Since 1960, an old, single-lane wooden bridge has carried traffic to the Ridgefield National Wildlife Refuge. But now a wide concrete span arcs high above the old bridge, ready to serve the Refuge for decades to come. And the first vehicle to cross it was a school bus of students from South Ridge Elementary and Ridgefield High School. The students were on their way to a tree planting project at the River S Unit—but they stopped to do a quick ribbon cutting on the way.
In the center of the new bridge, representatives from the Refuge, Ridgefield’s City Council, the U.S. Fish and Wildlife Service, the Western Federal Lands Highway Division, construction contractor Ceccanti, the Sevier family (the original owners of the land), and other citizens stood for a short ceremony. After eleven years of planning, the bridge was opening to traffic for the first time. Kevin Forester, regional chief for the National Wildlife Refuge System, welcomed the students. “That’s our future there behind us, the kids,” he said. “They’re going down and planting trees today, so they’re going to be the first ones to officially cut the ribbon and come across the bridge.”
The students filed off the bus and lined up behind a double row of caution tape. On cue, they cut the ribbon to open the bridge, and the crowd cheered. Eric Anderson, the Refuge’s acting project leader, told them they could take a piece of ribbon home with them as a keepsake if they wanted. “I’m not using it again,” he joked. “So it’s all yours.”
Students from South Ridge Elementary and Ridgefield High School cut the ribbon for the new bridge.
The new bridge to the River S Unit at the Ridgefield National Wildlife Refuge arcs over the old, one-lane wooden bridge.
Then the students re-boarded the bus to head toward the Kiwa Trail. Jackie Bergeron’s fourth grade class researched the yellow-billed cuckoo as part of their project-based learning. The yellow-billed cuckoo population has declined significantly in the northwest, and the students wanted to see if they could help change it. The tree planting would help restore the cuckoo’s preferred habitat.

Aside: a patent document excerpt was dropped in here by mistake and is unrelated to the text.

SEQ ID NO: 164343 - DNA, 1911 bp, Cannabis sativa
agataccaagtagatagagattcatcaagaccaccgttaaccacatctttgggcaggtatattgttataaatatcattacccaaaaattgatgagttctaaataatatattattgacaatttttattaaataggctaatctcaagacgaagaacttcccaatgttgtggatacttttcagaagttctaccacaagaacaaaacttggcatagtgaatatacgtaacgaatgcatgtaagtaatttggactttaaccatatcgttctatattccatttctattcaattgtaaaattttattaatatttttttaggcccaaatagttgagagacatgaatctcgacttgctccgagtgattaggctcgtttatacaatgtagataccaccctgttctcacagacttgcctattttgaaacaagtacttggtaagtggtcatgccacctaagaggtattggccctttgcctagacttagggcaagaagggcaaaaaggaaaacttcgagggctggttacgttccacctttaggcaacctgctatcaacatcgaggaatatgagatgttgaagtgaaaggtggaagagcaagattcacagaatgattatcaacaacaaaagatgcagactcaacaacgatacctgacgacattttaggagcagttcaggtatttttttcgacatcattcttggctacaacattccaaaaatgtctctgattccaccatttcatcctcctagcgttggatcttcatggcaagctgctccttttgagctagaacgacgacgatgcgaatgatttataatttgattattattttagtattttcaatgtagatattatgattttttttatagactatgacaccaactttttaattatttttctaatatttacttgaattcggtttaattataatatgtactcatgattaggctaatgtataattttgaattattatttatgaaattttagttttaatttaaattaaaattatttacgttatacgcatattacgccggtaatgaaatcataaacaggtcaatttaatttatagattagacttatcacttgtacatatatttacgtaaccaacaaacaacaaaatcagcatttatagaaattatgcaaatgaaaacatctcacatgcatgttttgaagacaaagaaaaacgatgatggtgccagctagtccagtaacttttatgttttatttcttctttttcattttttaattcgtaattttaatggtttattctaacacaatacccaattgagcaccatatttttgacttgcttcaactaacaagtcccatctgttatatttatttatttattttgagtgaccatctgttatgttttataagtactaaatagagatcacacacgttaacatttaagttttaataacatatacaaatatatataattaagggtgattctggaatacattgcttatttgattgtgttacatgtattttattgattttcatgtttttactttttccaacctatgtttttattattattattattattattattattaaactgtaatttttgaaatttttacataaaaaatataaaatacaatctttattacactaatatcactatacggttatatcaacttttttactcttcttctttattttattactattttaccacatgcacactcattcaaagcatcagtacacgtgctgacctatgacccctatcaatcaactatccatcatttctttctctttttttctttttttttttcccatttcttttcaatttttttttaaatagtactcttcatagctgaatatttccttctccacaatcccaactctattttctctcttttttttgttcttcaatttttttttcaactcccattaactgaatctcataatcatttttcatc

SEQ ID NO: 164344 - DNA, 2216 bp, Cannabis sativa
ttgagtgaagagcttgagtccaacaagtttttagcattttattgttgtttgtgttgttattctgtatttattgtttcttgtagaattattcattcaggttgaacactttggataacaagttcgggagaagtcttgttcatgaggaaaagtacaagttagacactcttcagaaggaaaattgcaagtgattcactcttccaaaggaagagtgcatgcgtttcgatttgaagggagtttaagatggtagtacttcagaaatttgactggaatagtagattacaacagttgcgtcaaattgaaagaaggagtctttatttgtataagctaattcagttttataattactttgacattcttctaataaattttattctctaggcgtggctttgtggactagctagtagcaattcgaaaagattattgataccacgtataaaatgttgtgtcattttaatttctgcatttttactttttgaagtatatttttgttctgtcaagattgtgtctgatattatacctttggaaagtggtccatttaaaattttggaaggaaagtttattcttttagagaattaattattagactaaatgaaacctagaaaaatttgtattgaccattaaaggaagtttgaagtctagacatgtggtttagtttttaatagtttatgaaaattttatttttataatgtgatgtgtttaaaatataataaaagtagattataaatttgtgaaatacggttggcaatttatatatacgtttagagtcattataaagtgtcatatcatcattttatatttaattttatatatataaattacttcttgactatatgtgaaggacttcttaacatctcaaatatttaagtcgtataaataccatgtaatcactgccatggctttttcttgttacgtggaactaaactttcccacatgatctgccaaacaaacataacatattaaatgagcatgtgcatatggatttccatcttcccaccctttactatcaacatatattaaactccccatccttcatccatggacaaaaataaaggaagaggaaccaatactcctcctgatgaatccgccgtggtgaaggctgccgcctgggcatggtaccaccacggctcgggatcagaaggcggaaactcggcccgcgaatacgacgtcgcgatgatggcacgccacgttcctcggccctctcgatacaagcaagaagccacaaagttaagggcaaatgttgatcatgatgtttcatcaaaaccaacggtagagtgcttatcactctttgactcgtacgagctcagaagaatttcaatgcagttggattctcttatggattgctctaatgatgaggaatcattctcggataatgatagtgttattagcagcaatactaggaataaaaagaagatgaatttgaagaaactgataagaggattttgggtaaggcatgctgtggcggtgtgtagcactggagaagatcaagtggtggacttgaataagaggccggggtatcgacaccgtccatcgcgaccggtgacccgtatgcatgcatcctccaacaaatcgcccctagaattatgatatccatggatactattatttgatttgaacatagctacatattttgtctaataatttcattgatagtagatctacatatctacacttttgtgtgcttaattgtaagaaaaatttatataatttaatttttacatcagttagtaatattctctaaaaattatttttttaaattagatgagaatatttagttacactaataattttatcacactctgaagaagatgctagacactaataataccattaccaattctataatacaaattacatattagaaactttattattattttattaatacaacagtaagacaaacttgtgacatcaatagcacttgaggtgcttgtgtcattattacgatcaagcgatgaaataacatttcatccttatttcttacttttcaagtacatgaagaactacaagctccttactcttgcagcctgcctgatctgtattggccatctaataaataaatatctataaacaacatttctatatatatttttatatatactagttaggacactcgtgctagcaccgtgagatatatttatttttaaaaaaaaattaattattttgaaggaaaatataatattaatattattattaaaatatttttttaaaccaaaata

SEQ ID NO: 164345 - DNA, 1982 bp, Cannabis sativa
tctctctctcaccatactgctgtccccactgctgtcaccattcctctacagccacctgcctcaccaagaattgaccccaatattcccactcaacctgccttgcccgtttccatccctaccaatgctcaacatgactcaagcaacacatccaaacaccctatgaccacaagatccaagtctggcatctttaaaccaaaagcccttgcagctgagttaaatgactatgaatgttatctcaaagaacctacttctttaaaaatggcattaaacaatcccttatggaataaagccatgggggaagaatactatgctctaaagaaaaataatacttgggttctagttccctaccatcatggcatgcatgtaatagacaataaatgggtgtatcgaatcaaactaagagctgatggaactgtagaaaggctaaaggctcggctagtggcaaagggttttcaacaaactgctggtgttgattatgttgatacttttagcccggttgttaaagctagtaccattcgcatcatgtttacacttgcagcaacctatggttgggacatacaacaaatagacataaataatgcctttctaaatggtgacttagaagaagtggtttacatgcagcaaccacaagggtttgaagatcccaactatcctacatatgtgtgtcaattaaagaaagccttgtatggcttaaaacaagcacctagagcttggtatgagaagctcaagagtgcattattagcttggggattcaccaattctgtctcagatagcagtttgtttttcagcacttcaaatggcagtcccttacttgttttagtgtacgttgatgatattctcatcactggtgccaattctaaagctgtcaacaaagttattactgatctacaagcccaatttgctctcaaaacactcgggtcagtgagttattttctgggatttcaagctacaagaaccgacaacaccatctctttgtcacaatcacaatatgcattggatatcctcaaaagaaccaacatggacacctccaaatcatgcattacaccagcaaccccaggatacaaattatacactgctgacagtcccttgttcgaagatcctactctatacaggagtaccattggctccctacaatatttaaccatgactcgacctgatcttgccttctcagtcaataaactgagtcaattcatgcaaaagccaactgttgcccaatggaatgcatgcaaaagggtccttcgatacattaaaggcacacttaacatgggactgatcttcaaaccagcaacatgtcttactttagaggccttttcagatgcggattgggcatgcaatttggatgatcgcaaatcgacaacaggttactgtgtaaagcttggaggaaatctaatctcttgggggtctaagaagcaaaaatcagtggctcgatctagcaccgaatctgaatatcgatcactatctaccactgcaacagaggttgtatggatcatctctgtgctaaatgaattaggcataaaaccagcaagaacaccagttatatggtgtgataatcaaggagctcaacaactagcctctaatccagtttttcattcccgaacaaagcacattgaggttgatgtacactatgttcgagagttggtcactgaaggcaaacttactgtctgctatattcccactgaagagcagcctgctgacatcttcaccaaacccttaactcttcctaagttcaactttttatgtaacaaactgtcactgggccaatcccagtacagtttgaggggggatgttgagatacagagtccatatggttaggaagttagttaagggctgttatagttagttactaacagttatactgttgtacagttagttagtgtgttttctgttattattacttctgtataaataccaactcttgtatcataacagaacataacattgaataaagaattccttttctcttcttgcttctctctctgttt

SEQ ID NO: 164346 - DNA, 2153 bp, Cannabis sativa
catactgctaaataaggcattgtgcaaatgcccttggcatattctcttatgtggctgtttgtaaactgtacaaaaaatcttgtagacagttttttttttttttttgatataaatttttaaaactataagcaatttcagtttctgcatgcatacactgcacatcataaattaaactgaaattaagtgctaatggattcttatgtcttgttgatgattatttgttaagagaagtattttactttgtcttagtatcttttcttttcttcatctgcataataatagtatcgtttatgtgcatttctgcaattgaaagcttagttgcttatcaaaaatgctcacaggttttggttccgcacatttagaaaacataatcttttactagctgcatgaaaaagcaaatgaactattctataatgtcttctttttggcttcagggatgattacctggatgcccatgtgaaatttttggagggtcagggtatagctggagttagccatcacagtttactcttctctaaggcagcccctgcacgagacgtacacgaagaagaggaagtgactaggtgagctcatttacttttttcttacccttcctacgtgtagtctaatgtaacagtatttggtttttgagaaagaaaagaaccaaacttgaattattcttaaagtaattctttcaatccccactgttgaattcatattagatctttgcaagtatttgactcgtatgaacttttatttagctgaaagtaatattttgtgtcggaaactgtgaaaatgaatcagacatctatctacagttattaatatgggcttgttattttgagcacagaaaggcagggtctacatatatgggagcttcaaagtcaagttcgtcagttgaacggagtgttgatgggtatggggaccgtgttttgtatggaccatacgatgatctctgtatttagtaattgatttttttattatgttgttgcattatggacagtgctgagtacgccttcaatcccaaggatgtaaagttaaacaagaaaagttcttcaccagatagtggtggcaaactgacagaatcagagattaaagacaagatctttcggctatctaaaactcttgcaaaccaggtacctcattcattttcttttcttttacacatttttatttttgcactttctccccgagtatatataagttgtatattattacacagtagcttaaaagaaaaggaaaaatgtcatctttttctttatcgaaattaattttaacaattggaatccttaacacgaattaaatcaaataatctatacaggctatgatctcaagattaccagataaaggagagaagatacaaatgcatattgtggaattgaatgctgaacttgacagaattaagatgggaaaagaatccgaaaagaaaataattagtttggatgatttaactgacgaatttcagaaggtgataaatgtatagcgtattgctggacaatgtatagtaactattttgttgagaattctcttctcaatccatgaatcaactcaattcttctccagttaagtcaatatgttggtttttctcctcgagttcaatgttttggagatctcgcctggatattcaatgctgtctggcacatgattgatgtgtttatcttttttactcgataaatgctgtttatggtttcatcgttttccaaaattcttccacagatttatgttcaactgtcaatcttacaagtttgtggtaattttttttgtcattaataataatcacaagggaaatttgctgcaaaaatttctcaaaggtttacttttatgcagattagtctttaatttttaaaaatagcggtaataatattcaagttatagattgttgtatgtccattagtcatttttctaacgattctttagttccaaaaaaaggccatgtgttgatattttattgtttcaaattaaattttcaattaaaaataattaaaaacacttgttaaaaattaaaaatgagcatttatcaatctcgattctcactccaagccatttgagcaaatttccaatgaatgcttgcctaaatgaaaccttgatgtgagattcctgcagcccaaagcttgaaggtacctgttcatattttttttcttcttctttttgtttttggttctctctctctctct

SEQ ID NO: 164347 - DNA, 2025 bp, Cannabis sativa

Bergeron’s class was joined by the officers from a new environmental awareness organization from Ridgefield High School, International Teens Upholding Nature Association (iTuna). Together, they learned from the park rangers how to plant the trees, gently separating the tree roots out, covering the area with weed cloth, staking the tree so it would stand straight, and caging the tree to protect it from hungry animals. Soon the students were all working in teams, planting trees on their own.
Bergeron plans to make this an ongoing project. “This is a project that we’re going to do for years. This is the first class. In the spring, they’re going to make new cuttings that we’re going to grow. Then my next class will come and plant those. So the idea is to truly be a part of helping restore this habitat back to what it natively should have been.”
The students got some close-up views of native wildlife as they worked, with a whitetail deer crashing through the blackberries nearby, birds chirping overhead in the tree canopy, and tiny green chorus frogs hopping near the tree plantings. They hope that with the new trees, the yellow-billed cuckoo will one day rejoin the rest of the wildlife by the Kiwa trail. In the meantime, they know the plantings will be there for the wildlife that lives at the Refuge—and that they had a part in helping protect it.
Students worked with park rangers to plant trees by the Kiwa Trail, restoring the native habitat.
Students worked in teams to plant trees.